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Learning to clean up land
Contaminated Sites Remediation Program underway in Fort Simpson

Roxanna Thompson
Northern News Services
Published Thursday, December 1, 2011

Thirteen people from three Deh Cho communities are learning the skills needed to work on contaminated site cleanups.

NNSL photo/graphic

Andrew Sewi, left, and Terence Menicoche familiarize themselves with a GPS during a scavenger hunt activity that was part of the Contaminated Sites Remediation Program currently underway at Aurora College in Fort Simpson. - photo courtesy of John Blyth

Aurora College in Fort Simpson is currently offering the Contaminated Sites Remediation Program. This is the first time the program has been offered in the territory, said Kevin Smith, the program head for the Environment and Natural Resource Technology program with the college.

The program prepares people to work on any type of clean-up activities, including both the health and safety aspects of cleanups and the technical side, said Smith. The program is one of three the college offers, including the Environmental Monitor Training Program and Environmental Site Assessment. Both share the same core skills.

Thirteen students

Between Nov. 14 and Nov. 28, the 13 students including three from Jean Marie River, four from Fort Providence and six from Fort Simpson were learning the core skills with instructor John Blyth.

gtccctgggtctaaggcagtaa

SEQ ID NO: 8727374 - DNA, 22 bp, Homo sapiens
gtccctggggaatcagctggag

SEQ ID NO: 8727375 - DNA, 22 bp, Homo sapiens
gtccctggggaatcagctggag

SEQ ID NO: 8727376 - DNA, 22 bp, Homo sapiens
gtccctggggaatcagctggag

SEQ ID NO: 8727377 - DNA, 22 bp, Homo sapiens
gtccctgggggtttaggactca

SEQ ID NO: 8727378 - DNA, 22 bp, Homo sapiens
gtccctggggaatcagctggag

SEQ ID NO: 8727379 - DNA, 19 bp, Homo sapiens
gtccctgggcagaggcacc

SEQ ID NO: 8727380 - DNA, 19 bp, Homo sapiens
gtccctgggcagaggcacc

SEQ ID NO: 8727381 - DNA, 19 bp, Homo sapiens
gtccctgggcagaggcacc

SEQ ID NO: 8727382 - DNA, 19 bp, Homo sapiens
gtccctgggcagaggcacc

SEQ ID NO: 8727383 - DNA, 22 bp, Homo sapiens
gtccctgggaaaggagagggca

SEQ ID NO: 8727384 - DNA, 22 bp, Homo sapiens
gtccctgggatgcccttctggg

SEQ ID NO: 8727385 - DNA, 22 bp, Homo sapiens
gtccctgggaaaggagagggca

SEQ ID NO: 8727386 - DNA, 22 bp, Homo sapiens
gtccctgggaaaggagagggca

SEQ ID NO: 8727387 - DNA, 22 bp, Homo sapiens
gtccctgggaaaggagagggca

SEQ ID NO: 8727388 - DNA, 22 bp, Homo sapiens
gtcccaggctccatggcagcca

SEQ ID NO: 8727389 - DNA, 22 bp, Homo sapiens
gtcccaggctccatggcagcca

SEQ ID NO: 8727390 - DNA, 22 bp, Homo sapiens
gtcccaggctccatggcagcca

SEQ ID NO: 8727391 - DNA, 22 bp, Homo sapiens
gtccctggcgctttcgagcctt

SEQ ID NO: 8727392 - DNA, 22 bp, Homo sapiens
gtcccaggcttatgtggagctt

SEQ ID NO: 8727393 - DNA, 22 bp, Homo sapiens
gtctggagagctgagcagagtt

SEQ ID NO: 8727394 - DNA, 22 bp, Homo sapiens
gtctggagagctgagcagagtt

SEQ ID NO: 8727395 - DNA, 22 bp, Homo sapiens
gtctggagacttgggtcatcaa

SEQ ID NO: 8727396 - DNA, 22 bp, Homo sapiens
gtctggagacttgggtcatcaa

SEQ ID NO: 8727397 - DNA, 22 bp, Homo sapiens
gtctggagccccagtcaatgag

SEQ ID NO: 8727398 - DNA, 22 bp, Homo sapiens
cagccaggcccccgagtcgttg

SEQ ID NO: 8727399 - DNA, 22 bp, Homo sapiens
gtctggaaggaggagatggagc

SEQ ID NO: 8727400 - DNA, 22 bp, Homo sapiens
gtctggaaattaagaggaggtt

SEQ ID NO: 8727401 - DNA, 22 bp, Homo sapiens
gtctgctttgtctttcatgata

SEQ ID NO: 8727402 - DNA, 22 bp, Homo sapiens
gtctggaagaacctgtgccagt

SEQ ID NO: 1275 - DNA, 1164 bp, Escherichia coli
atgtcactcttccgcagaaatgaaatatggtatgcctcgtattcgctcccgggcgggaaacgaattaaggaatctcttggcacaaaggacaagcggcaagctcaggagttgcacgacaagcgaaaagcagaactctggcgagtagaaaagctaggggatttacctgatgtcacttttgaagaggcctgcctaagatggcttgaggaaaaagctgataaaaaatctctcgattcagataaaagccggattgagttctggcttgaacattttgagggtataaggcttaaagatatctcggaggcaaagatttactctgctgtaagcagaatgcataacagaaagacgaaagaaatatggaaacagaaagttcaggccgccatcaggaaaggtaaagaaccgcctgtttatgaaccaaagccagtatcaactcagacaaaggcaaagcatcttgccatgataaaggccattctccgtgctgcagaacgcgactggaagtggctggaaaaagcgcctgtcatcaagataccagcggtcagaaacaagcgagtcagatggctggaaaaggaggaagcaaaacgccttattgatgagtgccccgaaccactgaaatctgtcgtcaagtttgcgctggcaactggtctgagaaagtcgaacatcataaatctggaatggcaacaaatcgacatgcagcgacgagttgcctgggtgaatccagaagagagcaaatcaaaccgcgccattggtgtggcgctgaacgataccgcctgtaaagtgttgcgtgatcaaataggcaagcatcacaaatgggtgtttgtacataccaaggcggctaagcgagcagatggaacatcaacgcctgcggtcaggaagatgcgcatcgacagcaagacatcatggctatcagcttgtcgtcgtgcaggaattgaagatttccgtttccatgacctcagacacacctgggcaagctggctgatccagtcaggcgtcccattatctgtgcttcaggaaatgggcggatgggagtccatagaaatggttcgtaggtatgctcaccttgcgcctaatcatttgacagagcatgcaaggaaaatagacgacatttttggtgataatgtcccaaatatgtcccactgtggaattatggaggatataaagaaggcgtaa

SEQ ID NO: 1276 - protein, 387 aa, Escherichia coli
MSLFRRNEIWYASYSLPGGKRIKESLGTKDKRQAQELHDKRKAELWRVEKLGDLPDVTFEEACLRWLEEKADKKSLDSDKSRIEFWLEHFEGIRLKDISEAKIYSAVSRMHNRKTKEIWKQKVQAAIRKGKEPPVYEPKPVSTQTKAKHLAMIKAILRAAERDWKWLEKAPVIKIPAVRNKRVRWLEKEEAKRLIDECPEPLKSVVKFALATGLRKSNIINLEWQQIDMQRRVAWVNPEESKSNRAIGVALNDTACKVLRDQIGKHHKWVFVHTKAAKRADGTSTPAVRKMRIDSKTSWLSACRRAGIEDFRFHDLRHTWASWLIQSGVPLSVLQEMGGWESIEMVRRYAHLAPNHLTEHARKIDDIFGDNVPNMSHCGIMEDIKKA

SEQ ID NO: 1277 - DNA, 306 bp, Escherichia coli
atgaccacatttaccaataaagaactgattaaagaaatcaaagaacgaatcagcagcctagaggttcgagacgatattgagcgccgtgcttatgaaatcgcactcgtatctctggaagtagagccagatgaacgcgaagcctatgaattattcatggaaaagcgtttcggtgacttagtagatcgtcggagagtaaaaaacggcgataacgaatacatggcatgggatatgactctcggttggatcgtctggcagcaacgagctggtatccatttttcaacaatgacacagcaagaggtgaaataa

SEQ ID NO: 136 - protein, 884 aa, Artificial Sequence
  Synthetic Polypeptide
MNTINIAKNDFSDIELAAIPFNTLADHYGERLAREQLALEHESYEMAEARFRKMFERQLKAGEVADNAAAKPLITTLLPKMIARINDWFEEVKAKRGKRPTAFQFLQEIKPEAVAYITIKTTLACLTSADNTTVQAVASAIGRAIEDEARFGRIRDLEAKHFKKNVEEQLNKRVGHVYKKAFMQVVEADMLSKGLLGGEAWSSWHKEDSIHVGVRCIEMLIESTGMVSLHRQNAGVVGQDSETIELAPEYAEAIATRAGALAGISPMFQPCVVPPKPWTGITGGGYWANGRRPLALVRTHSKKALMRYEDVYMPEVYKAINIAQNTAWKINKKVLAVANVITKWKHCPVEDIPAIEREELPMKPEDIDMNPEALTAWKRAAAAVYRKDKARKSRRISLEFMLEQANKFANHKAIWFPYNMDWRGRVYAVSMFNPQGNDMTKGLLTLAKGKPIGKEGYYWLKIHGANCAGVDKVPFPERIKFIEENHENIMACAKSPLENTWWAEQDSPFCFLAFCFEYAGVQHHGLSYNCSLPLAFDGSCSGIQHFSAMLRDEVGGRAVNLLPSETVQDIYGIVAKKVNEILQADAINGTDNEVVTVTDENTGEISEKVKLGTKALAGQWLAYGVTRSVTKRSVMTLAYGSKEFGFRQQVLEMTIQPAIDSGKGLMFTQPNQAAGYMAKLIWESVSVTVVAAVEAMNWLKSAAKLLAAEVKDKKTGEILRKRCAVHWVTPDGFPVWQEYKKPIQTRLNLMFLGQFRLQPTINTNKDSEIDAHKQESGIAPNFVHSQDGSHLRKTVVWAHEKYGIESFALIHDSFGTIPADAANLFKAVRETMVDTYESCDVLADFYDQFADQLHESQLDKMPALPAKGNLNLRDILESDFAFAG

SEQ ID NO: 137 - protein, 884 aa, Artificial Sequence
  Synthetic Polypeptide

Training included how to use GPS devices, cameras and maps. Participants also learned the importance of detailed note-taking and documentation and how to document spills and spill responses. Transportation of Dangerous Goods and Workplace Hazardous Materials Information System certification was also offered.

The students have been working hard, said Blyth. Students have been spending longer hours in the classroom and attending classes on Saturdays to accommodate the course being compressed into four weeks, instead of the usual seven weeks.

From Nov. 29 to Dec. 11, participants will be taking the second part of the course that is specifically on contaminated site remediation.

Melissa Bacon, a remediation specialist, will be leading that part of the course, which will include how to develop and implement site remediation plans and how to evaluate their effectiveness.

Arthur Elleze, one of the participants in the course from Fort Providence, said he wanted to take the course because he's skilled at being on the land and wants to help take care of it.

Elleze said he's enjoyed learning the technical skills and how to test water and is looking forward to the more specialized remediation knowledge.

Andrew Sewi, who's from Deline and is living in Fort Simpson, said he's also looking forward to getting a job on the land.

"There's going to be pipelines going through, there's going to be lots of activities," he said.

Sewi said he's learned about using GPS devices and maps and how to make sketches of sites.

"You learn lots," he said.

The Dehcho Futures Society is funding the course, including providing accommodation, travel expenses and meals for the participants.

The society is a non-profit organization created by Dehcho First Nations to deliver the Aboriginal Skills and Employment Partnership Program, which is overseen by Human Resources and Skills Development Canada.

A number of the First Nations that make up Dehcho First Nations requested that the program be held on a regional level, said Mavis Wasp-Colin, the society's executive director.

Smith said Aurora College jumped at the opportunity to offer the program with the society because it seemed timely.

"It's a specialization in communities that people are looking for," he said.

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